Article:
Variations in indicated care of patients with acute coronary syndromes in Queensland hospitals

Ian A. Scott*, Andy B. Duke, Irene C. Darwin, Kathy H. Harvey, Mark A. Jones, CHI Cardiac Collaborative

*Corresponding author for this work

Research output: Contribution to journalArticleResearchpeer-review

15 Citations (Scopus)

Abstract

Objective: To identify variation in the rates of use of key evidence-based therapies and in clinical outcomes among patients hospitalised with acute coronary syndromes (ACS). Design: Retrospective analysis of data on care processes and clinical outcomes of representative patient samples recorded by the Queensland Health Cardiac Collaborative registry. Setting: 18 public hospitals (3 tertiary, 15 non-tertiary) in Queensland, August 2001 to December 2003. Study population: 2156 patients who died or were discharged after troponin-positive ACS. Main outcome measures: Comparison of proportions of highly eligible patients receiving indicated care and in-hospital mortality between subgroups categorised by age, sex, comorbidities (diabetes, renal failure, chronic obstructive pulmonary disease and mental disorder), type of admitting hospital (tertiary or non-tertiary), and cardiologist involvement (transfer or non-transfer to cardiology unit). Results: Patients aged ≥65 years were less likely than younger patients to receive heparin (79% v 87%), β-blockers (79% v 87%), lipid-lowering agents (78% v 87%), coronary angiography (51% v 66%), and referral to cardiac rehabilitation (17% v 33%). Patients with diabetes were less likely than others to receive coronary angiography (50% v 63%), while those with moderate to severe renal failure were less likely to receive thrombolysis (52% v 84%), heparin (71% v 83%), β-blockers (69% v 84%), lipid-lowering agents (61% v 84%), in-hospital cardiac counselling (46% v 64%) and referral to cardiac rehabilitation (9% v 25%). Patients admitted to tertiary hospitals were more likely than those admitted to non-tertiary hospitals to receive coronary angiography (85% v 55%) and referral to cardiac rehabilitation (36% v 21%). Risk-adjusted mortality was highest in patients with moderate to severe renal failure (15% v 3%) and older patients (6% v 2%). Conclusions: Variations exist in the provision of indicated care to patients with ACS according to age, diabetic status, renal function and type of admitting hospital. Excess mortality in elderly patients and in those with advanced renal disease may be partially attributable to failure to use key therapies.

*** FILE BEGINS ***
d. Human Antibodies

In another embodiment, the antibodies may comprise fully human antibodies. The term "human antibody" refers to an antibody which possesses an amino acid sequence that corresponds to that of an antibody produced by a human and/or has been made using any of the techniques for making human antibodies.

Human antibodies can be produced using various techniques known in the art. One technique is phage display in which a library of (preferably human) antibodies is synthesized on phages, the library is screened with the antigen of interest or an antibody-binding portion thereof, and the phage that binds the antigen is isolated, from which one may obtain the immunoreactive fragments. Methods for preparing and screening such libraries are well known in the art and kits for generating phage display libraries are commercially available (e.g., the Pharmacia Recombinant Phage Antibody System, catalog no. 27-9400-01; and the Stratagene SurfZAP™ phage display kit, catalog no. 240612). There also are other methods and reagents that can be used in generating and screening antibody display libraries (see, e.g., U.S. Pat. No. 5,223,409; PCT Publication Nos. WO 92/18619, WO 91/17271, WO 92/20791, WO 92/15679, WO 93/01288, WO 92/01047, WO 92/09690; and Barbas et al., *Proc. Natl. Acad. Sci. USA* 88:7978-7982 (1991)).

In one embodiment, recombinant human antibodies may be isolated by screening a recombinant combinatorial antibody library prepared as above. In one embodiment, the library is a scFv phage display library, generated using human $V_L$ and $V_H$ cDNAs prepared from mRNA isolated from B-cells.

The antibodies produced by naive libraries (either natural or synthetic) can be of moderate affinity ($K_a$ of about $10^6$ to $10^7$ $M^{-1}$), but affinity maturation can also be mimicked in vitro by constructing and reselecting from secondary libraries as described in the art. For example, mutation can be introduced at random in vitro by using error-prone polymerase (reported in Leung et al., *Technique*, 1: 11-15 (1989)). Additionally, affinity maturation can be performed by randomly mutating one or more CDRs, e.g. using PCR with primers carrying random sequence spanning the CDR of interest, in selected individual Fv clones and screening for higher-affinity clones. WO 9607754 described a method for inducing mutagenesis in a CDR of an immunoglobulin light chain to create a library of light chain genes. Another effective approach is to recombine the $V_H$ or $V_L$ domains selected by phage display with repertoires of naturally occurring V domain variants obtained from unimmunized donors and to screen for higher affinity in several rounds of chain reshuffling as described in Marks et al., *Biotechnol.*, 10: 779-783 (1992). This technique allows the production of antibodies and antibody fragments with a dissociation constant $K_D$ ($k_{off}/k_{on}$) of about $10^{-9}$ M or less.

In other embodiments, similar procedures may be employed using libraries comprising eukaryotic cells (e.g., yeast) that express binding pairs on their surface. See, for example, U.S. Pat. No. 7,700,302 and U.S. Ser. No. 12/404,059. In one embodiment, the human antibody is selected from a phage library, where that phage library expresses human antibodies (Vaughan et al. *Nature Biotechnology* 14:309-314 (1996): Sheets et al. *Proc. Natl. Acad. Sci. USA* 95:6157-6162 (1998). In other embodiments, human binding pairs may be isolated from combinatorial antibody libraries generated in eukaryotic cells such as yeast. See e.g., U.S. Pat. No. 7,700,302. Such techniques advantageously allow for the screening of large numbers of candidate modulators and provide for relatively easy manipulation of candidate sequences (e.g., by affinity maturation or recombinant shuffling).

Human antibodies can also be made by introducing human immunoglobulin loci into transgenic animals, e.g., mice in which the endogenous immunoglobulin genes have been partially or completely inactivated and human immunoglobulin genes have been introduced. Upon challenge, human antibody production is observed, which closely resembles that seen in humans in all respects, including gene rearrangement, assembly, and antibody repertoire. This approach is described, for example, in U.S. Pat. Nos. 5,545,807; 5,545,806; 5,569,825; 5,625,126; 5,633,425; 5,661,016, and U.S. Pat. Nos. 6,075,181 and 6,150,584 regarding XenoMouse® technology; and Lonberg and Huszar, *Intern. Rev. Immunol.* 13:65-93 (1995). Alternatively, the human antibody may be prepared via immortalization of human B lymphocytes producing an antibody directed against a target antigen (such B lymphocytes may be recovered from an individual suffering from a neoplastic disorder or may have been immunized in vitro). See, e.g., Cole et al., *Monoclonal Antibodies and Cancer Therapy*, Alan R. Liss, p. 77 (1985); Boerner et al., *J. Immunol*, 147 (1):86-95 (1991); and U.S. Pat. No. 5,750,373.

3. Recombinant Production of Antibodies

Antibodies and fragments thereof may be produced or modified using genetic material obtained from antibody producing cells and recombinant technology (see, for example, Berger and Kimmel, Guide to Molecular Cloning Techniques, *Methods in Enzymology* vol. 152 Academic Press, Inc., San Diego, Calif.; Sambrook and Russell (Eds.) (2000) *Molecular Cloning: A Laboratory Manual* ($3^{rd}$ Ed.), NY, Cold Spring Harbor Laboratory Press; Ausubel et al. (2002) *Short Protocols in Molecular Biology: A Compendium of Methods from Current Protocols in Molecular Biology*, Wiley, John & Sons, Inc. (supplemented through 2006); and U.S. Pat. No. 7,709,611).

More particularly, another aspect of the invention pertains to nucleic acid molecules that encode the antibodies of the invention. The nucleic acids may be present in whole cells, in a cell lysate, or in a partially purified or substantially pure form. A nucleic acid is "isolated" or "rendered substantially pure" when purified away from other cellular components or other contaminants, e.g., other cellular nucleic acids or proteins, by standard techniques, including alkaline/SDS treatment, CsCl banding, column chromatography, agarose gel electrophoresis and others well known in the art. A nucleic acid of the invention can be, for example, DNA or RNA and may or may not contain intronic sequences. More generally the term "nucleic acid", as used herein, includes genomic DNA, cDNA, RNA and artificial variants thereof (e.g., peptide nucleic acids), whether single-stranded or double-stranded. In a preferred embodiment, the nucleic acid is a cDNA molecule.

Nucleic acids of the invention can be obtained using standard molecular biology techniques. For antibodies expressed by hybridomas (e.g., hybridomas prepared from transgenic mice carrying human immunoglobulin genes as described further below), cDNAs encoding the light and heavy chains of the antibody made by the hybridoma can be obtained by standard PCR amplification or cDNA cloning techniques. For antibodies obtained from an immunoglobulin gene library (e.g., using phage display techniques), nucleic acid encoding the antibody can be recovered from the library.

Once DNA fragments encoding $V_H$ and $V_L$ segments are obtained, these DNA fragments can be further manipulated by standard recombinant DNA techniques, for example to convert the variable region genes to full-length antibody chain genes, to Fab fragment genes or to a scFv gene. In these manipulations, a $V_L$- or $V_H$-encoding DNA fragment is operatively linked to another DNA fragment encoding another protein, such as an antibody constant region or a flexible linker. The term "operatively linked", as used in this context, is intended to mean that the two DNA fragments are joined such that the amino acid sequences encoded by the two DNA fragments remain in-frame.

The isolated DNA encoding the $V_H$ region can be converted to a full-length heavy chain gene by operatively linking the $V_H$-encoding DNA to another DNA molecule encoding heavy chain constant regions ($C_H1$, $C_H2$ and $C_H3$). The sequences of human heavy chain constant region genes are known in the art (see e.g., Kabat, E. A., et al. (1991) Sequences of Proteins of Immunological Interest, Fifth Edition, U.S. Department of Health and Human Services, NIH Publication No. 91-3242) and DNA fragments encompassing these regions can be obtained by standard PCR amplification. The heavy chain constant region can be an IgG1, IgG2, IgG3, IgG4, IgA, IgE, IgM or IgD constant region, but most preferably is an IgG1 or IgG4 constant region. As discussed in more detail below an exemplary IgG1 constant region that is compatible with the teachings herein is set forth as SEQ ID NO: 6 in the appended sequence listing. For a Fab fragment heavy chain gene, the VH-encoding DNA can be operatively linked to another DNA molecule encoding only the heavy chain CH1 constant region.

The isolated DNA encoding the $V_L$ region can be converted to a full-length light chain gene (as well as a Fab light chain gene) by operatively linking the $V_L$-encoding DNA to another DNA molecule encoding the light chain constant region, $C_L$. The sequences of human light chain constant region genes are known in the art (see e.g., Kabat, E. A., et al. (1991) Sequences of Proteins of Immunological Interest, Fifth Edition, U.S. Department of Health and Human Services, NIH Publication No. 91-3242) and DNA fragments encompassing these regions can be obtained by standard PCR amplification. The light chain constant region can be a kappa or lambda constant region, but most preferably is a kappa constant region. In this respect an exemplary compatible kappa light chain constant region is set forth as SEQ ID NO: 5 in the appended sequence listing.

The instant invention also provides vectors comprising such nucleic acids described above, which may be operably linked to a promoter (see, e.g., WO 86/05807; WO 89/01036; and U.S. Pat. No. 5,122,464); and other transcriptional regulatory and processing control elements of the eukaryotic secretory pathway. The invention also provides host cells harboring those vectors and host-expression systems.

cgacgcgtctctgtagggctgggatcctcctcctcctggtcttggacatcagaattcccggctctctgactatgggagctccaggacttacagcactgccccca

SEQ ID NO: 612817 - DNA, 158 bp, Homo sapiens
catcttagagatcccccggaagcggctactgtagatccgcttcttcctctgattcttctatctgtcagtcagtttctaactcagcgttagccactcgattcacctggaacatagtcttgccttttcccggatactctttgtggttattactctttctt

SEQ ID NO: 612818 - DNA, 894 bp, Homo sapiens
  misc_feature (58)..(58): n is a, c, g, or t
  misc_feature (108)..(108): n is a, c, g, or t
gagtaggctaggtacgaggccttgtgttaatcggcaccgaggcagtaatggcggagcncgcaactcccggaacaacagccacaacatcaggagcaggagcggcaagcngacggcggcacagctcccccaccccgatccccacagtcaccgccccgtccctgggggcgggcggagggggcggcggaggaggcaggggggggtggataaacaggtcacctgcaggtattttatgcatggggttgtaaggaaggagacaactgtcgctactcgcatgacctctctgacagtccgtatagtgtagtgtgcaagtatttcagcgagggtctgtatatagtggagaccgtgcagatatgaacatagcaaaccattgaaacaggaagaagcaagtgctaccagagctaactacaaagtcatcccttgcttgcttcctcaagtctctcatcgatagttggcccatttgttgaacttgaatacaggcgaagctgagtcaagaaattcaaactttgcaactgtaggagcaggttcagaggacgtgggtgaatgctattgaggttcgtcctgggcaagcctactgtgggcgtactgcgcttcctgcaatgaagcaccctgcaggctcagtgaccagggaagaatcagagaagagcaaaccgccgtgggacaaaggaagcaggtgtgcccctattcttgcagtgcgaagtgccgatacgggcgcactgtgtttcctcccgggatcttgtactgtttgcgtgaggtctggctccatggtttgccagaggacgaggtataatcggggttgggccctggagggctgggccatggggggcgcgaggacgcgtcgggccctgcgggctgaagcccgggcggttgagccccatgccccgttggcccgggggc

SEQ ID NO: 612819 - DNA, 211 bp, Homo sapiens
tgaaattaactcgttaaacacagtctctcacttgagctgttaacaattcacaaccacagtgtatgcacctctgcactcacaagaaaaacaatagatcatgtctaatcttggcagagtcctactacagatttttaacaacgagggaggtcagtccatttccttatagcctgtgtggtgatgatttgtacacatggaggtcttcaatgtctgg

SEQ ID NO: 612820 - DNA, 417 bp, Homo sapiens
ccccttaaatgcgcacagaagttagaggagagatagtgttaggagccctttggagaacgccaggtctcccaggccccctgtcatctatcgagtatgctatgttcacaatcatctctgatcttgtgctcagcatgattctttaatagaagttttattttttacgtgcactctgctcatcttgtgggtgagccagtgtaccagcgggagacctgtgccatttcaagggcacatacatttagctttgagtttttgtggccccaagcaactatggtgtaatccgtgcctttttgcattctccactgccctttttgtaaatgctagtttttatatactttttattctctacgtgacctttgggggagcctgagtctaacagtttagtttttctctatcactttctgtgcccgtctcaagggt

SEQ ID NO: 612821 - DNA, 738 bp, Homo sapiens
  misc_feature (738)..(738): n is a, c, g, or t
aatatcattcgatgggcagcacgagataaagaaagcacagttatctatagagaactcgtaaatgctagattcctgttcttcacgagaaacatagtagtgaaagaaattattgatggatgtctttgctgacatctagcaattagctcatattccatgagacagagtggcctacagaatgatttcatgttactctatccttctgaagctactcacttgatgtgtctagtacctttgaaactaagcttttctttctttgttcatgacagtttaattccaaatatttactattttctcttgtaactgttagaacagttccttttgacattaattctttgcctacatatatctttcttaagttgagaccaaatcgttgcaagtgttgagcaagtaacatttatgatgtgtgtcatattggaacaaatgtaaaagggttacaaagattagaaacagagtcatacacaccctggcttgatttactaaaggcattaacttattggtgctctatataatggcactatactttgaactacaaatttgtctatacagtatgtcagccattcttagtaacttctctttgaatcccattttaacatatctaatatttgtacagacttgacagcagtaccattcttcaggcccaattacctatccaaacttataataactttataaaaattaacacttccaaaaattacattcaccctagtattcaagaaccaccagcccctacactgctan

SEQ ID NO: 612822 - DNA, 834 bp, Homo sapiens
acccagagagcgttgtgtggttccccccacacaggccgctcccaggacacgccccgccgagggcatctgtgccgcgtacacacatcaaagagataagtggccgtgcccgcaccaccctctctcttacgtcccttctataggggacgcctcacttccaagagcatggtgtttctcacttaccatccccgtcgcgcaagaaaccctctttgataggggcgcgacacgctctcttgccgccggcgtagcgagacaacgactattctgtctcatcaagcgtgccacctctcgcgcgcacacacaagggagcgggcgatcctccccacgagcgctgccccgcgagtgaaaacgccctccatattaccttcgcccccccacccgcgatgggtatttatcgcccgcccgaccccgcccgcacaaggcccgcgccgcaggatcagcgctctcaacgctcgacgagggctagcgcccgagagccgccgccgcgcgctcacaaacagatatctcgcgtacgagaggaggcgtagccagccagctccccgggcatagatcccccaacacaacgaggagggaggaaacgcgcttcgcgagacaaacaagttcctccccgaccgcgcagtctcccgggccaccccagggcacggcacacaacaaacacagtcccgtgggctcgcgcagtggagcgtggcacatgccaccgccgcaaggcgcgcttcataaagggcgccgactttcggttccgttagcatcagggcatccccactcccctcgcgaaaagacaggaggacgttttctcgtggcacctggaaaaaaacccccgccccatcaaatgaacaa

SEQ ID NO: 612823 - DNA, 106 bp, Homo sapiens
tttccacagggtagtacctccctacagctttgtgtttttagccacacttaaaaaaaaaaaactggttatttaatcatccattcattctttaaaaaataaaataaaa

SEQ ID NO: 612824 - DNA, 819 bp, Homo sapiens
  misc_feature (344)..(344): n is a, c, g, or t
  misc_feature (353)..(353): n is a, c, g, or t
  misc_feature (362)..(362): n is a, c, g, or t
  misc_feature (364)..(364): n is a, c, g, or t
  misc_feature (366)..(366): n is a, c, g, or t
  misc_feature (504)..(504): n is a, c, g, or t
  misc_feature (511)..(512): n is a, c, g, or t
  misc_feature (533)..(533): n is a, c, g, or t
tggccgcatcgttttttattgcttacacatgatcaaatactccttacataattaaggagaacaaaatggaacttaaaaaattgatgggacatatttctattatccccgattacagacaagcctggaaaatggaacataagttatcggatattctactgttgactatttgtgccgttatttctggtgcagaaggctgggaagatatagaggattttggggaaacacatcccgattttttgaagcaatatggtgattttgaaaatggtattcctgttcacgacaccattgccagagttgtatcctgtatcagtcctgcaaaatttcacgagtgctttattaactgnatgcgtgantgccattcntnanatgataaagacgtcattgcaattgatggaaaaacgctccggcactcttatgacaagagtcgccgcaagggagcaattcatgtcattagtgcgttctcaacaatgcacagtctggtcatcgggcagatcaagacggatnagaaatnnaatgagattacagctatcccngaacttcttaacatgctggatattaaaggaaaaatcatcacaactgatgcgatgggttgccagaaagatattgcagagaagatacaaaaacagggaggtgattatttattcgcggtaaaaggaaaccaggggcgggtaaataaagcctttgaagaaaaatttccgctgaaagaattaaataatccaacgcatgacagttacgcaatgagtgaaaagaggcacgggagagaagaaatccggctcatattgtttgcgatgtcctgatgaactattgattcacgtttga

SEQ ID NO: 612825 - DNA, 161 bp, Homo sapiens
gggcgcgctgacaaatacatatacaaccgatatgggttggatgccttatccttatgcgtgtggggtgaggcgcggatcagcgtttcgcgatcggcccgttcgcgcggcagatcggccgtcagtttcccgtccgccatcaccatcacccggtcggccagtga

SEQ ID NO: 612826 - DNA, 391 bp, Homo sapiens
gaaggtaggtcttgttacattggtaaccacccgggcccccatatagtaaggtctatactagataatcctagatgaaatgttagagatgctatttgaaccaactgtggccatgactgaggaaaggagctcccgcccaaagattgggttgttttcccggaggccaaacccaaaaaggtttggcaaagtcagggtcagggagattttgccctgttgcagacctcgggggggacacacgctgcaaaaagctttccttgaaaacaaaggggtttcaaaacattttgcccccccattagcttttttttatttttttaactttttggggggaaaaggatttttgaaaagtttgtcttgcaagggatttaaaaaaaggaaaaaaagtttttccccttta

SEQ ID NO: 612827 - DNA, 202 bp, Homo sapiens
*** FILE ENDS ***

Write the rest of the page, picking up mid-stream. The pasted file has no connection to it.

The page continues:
Original languageEnglish
Pages (from-to)325-330
Number of pages6
JournalMedical Journal of Australia
Volume182
Issue number7
DOIs
Publication statusPublished - 4 Apr 2005
Externally publishedYes

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